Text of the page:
25. For a Cold or Hot Compress

One thing that definitely makes sense is to use a potato as a hot or cold compress. Either boil or freeze a cooked potato and wrap it in a cloth.

These then make convenient compresses that can be applied where they are needed – as a natural, DIY cold pack or hot water bottle.

Other Unusual Uses For Potatoes Around Your Homestead

Finally, let’s take a look at some other miscellaneous uses for potatoes around your homestead:

26. Generate Power

Potato battery

This is a trick you may have tried when you were at school. A potato can be used to make a kind of battery.

Potatoes contain a lot of water, and the liquid can act as an electrolyte and generate electricity between zinc and copper electrodes. Power a light bulb, or another small electrical device. 

A potato boiled for 8 minutes can produce ten times the power of a raw one. A potato battery can light up a room for over a month.

Could this be the new eco-friendly off grid solution you’ve been looking for?

27. Remove Broken Light Bulbs From Their Fittings

If one of those lightbulbs you’ve been powering breaks, a potato can also be used to safely remove broken bulbs from their fittings. 

28. Rub Potatoes on Glasses, Goggles or Diving Marks to Reduce Fogging

We’ve already mentioned how potatoes could help you clear fogging on a greenhouse, keep glass free of ice and keep windows shining.

They could also help you with your glasses, goggles or diving masks too. 

29. Make a Stamp For Decorating and Crafts

Potato stamps

Potatoes also make excellent stamps. You can carve a raw potato to create your own stamp designs and use these in a range of different crafts.

You could use them to decorate your own wrapping paper, for example, or even use them to stamp out a paint design on furniture, or your walls. 

30. Make Your Own Potato Print Fabrics

Once you have made your potato stamps, you do not have to use them only on paper. You could even potato print onto fabrics, and design your own new clothes or soft furnishings.

There are some amazing designs out there. Just be sure to use eco-friendly natural fabrics and dyes.

These unusual uses for potatoes are not meant for potatoes that you would be able to eat. But they can be good ways to use up blemished potatoes and those that are not fit for consumption.

For example, they could allow you to find a use for potatoes that have been exposed to sunlight and gone green. These should not be eaten.

What uses will you find for potatoes in your home and garden?

Get the famous Rural Sprout newsletter delivered to your inbox.

Including Sunday ramblings from our editor, Tracey, as well as “What’s Up Wednesday” our roundup of what’s in season and new article updates and alerts.

We respect your email privacy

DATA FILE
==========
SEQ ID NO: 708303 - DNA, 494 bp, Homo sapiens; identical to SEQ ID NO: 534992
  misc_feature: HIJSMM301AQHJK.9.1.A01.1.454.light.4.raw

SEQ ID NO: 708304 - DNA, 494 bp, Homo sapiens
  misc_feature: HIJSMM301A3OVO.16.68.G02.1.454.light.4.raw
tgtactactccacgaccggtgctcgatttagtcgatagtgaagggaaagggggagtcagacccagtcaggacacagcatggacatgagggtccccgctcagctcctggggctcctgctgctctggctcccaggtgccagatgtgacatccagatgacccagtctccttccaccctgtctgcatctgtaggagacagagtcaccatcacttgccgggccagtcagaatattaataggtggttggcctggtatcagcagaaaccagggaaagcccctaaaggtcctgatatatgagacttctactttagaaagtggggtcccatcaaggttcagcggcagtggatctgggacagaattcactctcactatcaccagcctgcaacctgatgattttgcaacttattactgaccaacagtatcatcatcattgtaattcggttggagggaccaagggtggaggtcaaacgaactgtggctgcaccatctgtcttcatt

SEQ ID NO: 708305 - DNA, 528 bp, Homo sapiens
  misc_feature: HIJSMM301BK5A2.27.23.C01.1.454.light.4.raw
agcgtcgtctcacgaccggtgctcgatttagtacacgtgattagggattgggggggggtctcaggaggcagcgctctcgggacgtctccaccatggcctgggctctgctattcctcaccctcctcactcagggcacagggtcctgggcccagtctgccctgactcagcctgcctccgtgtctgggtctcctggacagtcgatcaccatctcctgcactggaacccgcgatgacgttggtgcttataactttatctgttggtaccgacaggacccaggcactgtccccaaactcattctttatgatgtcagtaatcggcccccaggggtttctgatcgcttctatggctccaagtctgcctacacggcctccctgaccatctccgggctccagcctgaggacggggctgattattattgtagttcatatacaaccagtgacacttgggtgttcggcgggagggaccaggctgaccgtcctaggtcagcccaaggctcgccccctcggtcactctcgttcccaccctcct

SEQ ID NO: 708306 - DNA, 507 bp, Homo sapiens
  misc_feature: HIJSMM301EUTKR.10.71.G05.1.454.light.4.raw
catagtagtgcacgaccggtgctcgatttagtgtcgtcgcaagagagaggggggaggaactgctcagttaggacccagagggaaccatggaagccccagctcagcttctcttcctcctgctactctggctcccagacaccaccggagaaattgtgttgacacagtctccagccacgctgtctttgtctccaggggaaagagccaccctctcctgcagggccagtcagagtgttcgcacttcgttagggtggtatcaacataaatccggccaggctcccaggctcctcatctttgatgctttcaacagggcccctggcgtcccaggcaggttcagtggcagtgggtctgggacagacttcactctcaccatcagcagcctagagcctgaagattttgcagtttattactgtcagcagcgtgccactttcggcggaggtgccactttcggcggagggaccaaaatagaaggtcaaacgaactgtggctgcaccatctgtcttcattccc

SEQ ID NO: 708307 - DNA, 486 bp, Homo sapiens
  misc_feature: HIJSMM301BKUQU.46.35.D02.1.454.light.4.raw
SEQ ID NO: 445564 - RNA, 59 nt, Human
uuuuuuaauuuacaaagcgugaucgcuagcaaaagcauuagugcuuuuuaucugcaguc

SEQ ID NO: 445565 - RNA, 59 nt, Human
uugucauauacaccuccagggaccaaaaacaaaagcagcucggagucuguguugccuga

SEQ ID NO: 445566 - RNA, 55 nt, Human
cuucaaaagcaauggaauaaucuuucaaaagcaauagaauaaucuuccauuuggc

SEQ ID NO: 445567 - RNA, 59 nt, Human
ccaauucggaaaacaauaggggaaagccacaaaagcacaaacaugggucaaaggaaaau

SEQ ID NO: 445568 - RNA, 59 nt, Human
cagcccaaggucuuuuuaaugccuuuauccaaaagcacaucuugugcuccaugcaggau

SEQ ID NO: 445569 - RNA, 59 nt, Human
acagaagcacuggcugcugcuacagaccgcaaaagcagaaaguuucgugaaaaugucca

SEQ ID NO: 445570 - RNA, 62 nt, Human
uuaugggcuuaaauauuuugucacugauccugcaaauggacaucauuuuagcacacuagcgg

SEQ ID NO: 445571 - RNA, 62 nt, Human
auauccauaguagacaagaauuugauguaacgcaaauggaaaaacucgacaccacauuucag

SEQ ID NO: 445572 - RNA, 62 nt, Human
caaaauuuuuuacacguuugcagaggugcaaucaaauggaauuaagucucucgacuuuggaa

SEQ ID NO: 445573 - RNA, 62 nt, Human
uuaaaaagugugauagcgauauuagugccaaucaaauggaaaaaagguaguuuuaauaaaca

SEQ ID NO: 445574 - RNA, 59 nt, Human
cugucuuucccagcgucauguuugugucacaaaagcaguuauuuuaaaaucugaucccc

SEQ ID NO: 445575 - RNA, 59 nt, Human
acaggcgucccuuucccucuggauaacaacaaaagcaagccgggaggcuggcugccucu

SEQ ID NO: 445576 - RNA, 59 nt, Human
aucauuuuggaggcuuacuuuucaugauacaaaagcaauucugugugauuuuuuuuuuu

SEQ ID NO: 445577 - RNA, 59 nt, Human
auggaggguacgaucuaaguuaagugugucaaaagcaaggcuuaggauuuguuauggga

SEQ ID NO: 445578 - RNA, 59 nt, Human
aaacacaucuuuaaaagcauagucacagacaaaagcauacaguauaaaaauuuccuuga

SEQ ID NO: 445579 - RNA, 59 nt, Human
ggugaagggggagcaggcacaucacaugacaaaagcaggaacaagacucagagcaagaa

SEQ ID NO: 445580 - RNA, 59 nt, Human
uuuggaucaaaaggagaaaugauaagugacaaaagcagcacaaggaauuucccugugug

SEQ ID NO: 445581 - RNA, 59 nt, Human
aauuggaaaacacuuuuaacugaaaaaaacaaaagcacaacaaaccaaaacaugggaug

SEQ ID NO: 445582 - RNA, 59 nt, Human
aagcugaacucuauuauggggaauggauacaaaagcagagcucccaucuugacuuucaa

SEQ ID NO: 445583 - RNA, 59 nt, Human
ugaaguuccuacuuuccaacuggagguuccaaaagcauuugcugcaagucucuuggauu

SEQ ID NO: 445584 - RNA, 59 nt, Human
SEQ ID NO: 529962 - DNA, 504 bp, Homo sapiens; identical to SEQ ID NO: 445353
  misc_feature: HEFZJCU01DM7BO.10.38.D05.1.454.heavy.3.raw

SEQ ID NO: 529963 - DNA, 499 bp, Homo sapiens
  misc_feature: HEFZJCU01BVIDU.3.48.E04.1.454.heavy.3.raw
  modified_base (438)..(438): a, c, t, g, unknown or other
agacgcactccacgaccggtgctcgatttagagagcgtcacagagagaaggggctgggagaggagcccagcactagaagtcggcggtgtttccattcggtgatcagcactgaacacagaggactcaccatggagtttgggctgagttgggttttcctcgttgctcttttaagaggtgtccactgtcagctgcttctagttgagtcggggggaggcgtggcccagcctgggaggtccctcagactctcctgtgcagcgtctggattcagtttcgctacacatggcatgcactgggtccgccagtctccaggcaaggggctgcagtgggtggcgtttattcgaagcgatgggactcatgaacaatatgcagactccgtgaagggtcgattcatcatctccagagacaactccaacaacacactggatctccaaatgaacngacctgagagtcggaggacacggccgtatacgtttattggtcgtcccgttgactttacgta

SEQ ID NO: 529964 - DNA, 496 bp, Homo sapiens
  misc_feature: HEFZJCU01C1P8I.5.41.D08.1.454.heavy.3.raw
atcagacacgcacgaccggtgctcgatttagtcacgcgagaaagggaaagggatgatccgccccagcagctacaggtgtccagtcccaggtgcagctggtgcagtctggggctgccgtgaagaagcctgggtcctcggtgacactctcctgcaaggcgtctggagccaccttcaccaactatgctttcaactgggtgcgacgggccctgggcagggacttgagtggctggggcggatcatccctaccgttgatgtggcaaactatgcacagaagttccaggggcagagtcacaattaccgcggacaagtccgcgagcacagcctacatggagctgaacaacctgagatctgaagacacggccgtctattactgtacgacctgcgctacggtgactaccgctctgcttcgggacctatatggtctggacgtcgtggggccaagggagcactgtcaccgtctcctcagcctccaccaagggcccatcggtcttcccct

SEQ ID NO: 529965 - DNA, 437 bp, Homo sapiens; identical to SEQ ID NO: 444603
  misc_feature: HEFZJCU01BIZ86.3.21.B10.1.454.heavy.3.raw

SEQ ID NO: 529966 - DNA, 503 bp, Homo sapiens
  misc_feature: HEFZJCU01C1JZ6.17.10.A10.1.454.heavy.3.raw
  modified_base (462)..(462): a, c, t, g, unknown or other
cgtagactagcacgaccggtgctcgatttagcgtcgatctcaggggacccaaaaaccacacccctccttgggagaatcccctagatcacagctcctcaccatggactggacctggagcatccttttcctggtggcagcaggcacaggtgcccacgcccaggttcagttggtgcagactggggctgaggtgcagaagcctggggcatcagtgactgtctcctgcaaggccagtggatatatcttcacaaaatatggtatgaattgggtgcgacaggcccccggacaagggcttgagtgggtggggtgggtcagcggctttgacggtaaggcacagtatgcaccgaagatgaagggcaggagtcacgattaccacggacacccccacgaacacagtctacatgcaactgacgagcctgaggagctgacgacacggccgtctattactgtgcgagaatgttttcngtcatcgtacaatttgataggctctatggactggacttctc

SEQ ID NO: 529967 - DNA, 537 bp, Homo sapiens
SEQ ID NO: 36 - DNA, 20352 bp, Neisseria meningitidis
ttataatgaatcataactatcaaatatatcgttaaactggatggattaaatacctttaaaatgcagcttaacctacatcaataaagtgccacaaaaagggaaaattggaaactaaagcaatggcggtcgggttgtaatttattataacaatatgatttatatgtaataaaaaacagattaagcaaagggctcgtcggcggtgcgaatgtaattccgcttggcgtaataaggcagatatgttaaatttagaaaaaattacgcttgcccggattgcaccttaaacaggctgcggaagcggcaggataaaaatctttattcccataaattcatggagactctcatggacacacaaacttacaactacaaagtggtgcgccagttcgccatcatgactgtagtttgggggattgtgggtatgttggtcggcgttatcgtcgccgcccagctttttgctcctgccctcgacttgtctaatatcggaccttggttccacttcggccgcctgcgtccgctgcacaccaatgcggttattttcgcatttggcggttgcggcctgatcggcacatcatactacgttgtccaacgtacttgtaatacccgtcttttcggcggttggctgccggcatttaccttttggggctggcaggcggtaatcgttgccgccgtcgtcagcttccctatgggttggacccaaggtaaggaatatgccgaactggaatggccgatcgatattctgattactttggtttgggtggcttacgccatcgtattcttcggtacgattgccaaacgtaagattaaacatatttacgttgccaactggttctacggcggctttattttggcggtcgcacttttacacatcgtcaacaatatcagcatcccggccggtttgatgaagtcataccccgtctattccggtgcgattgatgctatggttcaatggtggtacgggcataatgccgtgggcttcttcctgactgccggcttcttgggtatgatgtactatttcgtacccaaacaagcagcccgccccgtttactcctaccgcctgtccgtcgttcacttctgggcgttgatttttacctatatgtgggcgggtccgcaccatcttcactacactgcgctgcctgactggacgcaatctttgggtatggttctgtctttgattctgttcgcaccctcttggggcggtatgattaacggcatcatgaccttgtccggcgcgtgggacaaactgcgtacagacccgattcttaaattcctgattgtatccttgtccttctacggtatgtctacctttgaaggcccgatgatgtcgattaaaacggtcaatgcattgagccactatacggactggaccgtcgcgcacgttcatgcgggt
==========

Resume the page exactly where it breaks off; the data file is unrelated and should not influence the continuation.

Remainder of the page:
Elizabeth Waddington

Elizabeth Waddington is a writer, permaculture designer and green living consultant. She is a practical, hands-on gardener, with a background in philosophy: (an MA in English-Philosophy from St Andrews University). She has long had an interest in ecology, gardening and sustainability and is fascinated by how thought can generate action, and ideas can generate positive change.

In 2014, she and her husband moved to their forever home in the country. She graduated from allotment gardening to organically managing 1/3 of an acre of land, including a mature fruit orchard,which she has turned into a productive forest garden. The yield from the garden is increasing year on year – rapidly approaching an annual weight in produce of almost 1 ton.

She has filled the rest of the garden with a polytunnel, a vegetable patch, a herb garden, a wildlife pond, woodland areas and more. Since moving to the property she has also rescued many chickens from factory farms, keeping them for their eggs, and moved much closer to self-sufficiency. She has made many strides in attracting local wildlife and increasing biodiversity on the site.

When she is not gardening, Elizabeth spends a lot of time working remotely on permaculture garden projects around the world. Amongst other things, she has designed private gardens in regions as diverse as Canada, Minnesota, Texas, the Arizona/California desert, and the Dominican Republic, commercial aquaponics schemes, food forests and community gardens in a wide range of global locations.

In addition to designing gardens, Elizabeth also works in a consultancy capacity, offering ongoing support and training for gardeners and growers around the globe. She has created booklets and aided in the design of Food Kits to help gardeners to cool and warm climates to grow their own food, for example. She is undertaking ongoing work for NGO Somalia Dryland Solutions and a number of other non governmental organisations, and works as an environmental consultant for several sustainable companies.

Visit her website here and follow along on her Facebook page here.